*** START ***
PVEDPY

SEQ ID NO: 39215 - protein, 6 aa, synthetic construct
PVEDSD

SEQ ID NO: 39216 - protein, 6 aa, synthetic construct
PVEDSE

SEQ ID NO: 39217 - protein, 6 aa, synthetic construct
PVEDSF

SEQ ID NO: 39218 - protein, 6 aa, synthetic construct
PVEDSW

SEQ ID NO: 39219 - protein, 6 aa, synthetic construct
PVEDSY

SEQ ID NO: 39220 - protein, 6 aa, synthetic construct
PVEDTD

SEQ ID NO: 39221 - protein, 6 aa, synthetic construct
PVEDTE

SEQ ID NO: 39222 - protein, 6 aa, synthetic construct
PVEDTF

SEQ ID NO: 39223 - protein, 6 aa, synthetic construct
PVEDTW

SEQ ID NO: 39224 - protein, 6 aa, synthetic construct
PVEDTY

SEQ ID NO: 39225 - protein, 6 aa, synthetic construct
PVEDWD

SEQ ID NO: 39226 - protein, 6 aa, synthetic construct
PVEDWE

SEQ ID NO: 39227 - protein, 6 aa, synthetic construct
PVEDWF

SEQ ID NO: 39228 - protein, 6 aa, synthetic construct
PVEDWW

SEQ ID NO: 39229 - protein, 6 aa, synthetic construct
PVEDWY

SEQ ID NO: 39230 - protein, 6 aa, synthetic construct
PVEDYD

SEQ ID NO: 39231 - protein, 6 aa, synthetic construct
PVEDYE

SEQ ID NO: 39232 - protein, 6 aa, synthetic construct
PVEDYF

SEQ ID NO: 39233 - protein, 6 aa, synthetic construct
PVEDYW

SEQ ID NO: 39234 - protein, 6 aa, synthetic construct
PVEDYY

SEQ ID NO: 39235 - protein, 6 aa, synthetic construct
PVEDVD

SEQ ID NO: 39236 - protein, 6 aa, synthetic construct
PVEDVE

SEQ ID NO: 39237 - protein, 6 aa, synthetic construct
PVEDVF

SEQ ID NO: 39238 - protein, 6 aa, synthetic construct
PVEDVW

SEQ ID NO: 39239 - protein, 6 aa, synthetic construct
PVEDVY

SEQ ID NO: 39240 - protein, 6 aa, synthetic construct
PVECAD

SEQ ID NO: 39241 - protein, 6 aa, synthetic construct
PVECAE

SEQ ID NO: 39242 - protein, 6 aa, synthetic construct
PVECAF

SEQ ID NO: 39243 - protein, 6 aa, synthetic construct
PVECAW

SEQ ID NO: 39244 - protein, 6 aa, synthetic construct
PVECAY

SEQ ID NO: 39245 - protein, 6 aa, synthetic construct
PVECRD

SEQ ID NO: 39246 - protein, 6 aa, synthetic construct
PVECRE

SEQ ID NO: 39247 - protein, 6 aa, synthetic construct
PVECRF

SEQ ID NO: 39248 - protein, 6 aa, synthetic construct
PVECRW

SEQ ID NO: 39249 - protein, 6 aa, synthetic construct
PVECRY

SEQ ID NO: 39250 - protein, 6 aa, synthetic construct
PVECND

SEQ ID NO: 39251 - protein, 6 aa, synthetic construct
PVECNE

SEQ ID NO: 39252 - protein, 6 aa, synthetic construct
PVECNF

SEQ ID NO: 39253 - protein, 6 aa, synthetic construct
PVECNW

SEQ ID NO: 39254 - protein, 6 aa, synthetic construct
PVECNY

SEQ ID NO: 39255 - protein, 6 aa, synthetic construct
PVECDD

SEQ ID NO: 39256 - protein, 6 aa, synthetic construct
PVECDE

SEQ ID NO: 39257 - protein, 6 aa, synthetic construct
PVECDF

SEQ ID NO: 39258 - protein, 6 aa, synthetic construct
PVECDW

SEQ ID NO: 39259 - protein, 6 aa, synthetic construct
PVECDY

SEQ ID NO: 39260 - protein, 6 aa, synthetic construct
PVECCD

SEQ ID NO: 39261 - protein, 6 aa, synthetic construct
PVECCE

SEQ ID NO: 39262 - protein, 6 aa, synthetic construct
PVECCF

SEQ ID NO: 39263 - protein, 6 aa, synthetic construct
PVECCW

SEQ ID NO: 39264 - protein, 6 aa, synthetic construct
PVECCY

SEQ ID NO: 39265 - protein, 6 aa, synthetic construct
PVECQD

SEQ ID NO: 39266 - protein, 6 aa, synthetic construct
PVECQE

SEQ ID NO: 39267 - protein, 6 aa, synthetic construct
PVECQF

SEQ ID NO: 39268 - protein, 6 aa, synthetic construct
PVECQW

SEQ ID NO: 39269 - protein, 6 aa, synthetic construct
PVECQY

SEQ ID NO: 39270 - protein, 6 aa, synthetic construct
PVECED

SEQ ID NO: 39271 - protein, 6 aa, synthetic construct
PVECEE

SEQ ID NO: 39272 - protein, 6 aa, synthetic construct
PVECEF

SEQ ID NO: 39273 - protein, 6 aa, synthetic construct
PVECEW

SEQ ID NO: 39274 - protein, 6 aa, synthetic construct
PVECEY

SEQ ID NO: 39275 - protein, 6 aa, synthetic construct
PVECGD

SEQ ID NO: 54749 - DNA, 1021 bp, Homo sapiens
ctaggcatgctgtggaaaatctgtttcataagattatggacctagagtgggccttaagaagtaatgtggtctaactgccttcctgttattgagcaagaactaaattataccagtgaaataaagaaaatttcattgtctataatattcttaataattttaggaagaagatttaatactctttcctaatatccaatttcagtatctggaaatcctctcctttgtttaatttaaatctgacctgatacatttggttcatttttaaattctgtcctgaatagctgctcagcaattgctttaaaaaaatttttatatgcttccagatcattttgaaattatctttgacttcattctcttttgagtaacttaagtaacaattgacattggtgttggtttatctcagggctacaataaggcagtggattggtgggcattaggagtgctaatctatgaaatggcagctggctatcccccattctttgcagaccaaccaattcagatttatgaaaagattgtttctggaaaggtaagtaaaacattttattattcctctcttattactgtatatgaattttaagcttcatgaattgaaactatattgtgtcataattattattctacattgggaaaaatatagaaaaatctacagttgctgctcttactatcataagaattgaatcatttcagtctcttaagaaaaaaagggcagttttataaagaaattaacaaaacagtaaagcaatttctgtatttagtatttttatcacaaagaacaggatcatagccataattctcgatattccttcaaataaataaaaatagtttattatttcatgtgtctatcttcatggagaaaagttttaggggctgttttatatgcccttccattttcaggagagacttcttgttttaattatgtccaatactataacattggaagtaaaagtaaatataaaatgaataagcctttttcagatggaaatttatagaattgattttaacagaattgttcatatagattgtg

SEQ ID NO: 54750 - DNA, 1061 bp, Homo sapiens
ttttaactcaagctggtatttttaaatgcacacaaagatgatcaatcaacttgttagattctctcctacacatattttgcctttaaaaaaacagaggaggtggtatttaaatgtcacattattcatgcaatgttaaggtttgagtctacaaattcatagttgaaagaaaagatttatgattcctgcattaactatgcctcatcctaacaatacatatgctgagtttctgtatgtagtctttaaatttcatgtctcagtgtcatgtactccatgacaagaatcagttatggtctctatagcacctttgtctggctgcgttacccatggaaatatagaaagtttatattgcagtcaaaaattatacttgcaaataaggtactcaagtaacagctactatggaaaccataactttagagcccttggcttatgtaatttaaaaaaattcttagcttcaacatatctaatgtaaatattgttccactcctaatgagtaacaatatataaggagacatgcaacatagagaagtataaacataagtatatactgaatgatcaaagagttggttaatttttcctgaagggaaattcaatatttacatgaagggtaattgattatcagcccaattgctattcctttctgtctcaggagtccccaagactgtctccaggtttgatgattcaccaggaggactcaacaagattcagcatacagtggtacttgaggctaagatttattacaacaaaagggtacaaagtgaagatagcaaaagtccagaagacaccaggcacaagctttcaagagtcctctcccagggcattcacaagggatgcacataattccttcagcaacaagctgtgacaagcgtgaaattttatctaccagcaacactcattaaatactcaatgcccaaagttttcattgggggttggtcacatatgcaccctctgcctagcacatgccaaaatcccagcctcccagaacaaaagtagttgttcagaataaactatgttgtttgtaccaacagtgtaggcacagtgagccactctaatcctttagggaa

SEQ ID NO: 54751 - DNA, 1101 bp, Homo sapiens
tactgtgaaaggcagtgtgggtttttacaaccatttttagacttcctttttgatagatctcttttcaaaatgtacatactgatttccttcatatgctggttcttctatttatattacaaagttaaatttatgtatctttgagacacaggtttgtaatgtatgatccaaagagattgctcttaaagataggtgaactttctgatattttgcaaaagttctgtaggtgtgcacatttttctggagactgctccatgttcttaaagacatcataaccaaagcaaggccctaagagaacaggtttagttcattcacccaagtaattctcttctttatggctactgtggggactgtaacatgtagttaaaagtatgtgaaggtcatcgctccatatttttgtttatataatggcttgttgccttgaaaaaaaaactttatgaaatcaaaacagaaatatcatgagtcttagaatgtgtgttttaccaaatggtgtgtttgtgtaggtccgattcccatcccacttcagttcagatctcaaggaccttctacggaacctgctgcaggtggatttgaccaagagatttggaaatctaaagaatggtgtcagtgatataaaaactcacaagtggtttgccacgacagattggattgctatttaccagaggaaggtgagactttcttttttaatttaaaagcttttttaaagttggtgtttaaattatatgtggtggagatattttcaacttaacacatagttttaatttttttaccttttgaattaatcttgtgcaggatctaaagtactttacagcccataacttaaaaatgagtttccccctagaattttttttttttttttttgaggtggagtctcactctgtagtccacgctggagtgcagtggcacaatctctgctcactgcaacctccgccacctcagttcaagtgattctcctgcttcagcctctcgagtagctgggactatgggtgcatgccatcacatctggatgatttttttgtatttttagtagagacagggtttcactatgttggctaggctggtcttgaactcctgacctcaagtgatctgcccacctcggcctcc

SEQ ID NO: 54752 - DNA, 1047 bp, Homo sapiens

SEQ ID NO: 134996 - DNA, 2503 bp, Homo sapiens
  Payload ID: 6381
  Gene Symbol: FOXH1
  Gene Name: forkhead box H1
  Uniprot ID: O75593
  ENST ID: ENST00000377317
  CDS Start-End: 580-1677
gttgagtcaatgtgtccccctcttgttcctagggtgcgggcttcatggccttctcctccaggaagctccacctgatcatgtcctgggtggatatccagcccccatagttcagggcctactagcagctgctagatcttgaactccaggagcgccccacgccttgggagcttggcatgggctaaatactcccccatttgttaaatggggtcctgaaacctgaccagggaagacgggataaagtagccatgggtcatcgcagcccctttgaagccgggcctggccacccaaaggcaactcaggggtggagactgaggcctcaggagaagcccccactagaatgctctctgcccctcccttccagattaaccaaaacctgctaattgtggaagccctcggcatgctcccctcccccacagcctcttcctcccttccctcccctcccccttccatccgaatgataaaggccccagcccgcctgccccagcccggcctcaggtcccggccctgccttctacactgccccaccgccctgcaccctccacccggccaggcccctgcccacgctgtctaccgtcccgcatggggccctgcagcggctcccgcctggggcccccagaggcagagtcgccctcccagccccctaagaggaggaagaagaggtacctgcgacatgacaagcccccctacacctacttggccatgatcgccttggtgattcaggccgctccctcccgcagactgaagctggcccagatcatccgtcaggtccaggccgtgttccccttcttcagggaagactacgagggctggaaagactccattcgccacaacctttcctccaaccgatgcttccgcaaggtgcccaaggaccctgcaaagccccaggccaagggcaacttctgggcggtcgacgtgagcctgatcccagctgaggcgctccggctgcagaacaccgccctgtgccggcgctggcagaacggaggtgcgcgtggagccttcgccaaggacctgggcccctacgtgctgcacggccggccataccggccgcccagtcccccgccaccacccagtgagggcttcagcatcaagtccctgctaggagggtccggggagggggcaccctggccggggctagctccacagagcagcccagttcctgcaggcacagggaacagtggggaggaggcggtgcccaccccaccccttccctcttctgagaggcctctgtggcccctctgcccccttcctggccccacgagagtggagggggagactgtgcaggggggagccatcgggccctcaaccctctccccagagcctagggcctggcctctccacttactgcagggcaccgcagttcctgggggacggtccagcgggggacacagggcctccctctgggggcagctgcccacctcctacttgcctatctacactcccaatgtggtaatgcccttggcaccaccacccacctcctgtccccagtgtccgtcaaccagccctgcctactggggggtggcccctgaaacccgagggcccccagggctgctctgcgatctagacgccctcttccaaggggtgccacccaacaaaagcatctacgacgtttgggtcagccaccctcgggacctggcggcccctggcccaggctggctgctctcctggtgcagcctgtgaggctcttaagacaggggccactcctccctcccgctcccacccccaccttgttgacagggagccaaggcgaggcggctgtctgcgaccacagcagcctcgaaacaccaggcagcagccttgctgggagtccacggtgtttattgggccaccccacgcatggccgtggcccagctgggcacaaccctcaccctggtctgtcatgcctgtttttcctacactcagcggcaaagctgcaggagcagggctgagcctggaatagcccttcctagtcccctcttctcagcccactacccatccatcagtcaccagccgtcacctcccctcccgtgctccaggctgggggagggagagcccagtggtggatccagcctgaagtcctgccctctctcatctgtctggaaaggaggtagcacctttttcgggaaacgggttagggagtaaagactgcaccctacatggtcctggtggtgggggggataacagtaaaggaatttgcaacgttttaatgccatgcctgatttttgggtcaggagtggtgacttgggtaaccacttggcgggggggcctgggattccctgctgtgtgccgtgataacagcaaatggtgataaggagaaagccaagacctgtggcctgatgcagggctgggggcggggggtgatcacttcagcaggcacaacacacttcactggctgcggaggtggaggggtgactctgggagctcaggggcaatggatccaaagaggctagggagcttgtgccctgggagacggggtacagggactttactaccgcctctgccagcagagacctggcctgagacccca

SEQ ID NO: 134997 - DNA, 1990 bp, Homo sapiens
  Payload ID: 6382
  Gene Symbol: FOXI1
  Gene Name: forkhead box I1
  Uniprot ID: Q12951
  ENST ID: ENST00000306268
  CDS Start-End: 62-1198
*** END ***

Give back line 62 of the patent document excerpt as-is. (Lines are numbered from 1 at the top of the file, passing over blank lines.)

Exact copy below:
SEQ ID NO: 39245 - protein, 6 aa, synthetic construct